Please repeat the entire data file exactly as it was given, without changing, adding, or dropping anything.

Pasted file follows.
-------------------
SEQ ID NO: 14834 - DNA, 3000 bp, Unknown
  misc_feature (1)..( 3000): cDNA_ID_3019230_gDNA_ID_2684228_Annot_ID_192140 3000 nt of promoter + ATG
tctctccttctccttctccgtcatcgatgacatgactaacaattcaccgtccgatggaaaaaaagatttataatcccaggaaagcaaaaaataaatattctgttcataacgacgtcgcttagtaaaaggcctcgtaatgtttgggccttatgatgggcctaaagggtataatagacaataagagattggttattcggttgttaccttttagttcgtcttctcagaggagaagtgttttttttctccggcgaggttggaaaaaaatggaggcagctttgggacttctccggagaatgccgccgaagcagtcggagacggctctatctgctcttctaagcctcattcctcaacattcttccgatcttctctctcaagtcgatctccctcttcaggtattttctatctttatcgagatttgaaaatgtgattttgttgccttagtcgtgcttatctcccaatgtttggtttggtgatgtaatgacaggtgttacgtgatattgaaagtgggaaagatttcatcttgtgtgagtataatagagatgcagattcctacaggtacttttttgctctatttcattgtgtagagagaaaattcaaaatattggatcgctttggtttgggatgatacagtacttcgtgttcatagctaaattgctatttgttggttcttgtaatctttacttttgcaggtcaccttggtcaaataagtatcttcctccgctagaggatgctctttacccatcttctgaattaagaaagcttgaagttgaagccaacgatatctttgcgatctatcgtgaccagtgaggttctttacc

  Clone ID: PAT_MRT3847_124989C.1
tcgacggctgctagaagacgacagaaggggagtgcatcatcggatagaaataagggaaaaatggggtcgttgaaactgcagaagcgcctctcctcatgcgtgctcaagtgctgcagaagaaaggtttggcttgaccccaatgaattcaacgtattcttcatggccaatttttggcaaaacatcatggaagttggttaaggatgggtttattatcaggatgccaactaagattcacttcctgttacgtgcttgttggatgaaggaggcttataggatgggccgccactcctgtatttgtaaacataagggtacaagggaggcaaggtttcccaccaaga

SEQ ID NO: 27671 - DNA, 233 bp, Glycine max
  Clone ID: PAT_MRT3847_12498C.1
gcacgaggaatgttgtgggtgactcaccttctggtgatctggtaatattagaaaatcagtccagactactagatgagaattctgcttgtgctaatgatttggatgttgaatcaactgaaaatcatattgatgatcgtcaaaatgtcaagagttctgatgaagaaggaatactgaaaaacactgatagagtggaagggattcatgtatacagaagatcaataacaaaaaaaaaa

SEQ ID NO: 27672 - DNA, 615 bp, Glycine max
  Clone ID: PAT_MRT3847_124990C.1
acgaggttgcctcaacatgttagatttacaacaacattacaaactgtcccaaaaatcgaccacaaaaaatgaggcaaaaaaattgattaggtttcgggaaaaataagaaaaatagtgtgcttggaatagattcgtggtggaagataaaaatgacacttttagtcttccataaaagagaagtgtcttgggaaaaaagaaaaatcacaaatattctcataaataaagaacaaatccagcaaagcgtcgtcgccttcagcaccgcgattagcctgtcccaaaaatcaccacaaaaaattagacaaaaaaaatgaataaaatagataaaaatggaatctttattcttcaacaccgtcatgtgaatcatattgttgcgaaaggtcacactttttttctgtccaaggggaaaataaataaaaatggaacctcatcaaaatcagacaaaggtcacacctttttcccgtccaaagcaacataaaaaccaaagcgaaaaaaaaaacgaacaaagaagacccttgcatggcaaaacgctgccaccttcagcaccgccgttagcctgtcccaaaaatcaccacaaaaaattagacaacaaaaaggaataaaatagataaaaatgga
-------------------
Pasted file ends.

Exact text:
SEQ ID NO: 14834 - DNA, 3000 bp, Unknown
  misc_feature (1)..( 3000): cDNA_ID_3019230_gDNA_ID_2684228_Annot_ID_192140 3000 nt of promoter + ATG
tctctccttctccttctccgtcatcgatgacatgactaacaattcaccgtccgatggaaaaaaagatttataatcccaggaaagcaaaaaataaatattctgttcataacgacgtcgcttagtaaaaggcctcgtaatgtttgggccttatgatgggcctaaagggtataatagacaataagagattggttattcggttgttaccttttagttcgtcttctcagaggagaagtgttttttttctccggcgaggttggaaaaaaatggaggcagctttgggacttctccggagaatgccgccgaagcagtcggagacggctctatctgctcttctaagcctcattcctcaacattcttccgatcttctctctcaagtcgatctccctcttcaggtattttctatctttatcgagatttgaaaatgtgattttgttgccttagtcgtgcttatctcccaatgtttggtttggtgatgtaatgacaggtgttacgtgatattgaaagtgggaaagatttcatcttgtgtgagtataatagagatgcagattcctacaggtacttttttgctctatttcattgtgtagagagaaaattcaaaatattggatcgctttggtttgggatgatacagtacttcgtgttcatagctaaattgctatttgttggttcttgtaatctttacttttgcaggtcaccttggtcaaataagtatcttcctccgctagaggatgctctttacccatcttctgaattaagaaagcttgaagttgaagccaacgatatctttgcgatctatcgtgaccagtgaggttctttacc

  Clone ID: PAT_MRT3847_124989C.1
tcgacggctgctagaagacgacagaaggggagtgcatcatcggatagaaataagggaaaaatggggtcgttgaaactgcagaagcgcctctcctcatgcgtgctcaagtgctgcagaagaaaggtttggcttgaccccaatgaattcaacgtattcttcatggccaatttttggcaaaacatcatggaagttggttaaggatgggtttattatcaggatgccaactaagattcacttcctgttacgtgcttgttggatgaaggaggcttataggatgggccgccactcctgtatttgtaaacataagggtacaagggaggcaaggtttcccaccaaga

SEQ ID NO: 27671 - DNA, 233 bp, Glycine max
  Clone ID: PAT_MRT3847_12498C.1
gcacgaggaatgttgtgggtgactcaccttctggtgatctggtaatattagaaaatcagtccagactactagatgagaattctgcttgtgctaatgatttggatgttgaatcaactgaaaatcatattgatgatcgtcaaaatgtcaagagttctgatgaagaaggaatactgaaaaacactgatagagtggaagggattcatgtatacagaagatcaataacaaaaaaaaaa

SEQ ID NO: 27672 - DNA, 615 bp, Glycine max
  Clone ID: PAT_MRT3847_124990C.1
acgaggttgcctcaacatgttagatttacaacaacattacaaactgtcccaaaaatcgaccacaaaaaatgaggcaaaaaaattgattaggtttcgggaaaaataagaaaaatagtgtgcttggaatagattcgtggtggaagataaaaatgacacttttagtcttccataaaagagaagtgtcttgggaaaaaagaaaaatcacaaatattctcataaataaagaacaaatccagcaaagcgtcgtcgccttcagcaccgcgattagcctgtcccaaaaatcaccacaaaaaattagacaaaaaaaatgaataaaatagataaaaatggaatctttattcttcaacaccgtcatgtgaatcatattgttgcgaaaggtcacactttttttctgtccaaggggaaaataaataaaaatggaacctcatcaaaatcagacaaaggtcacacctttttcccgtccaaagcaacataaaaaccaaagcgaaaaaaaaaacgaacaaagaagacccttgcatggcaaaacgctgccaccttcagcaccgccgttagcctgtcccaaaaatcaccacaaaaaattagacaacaaaaaggaataaaatagataaaaatgga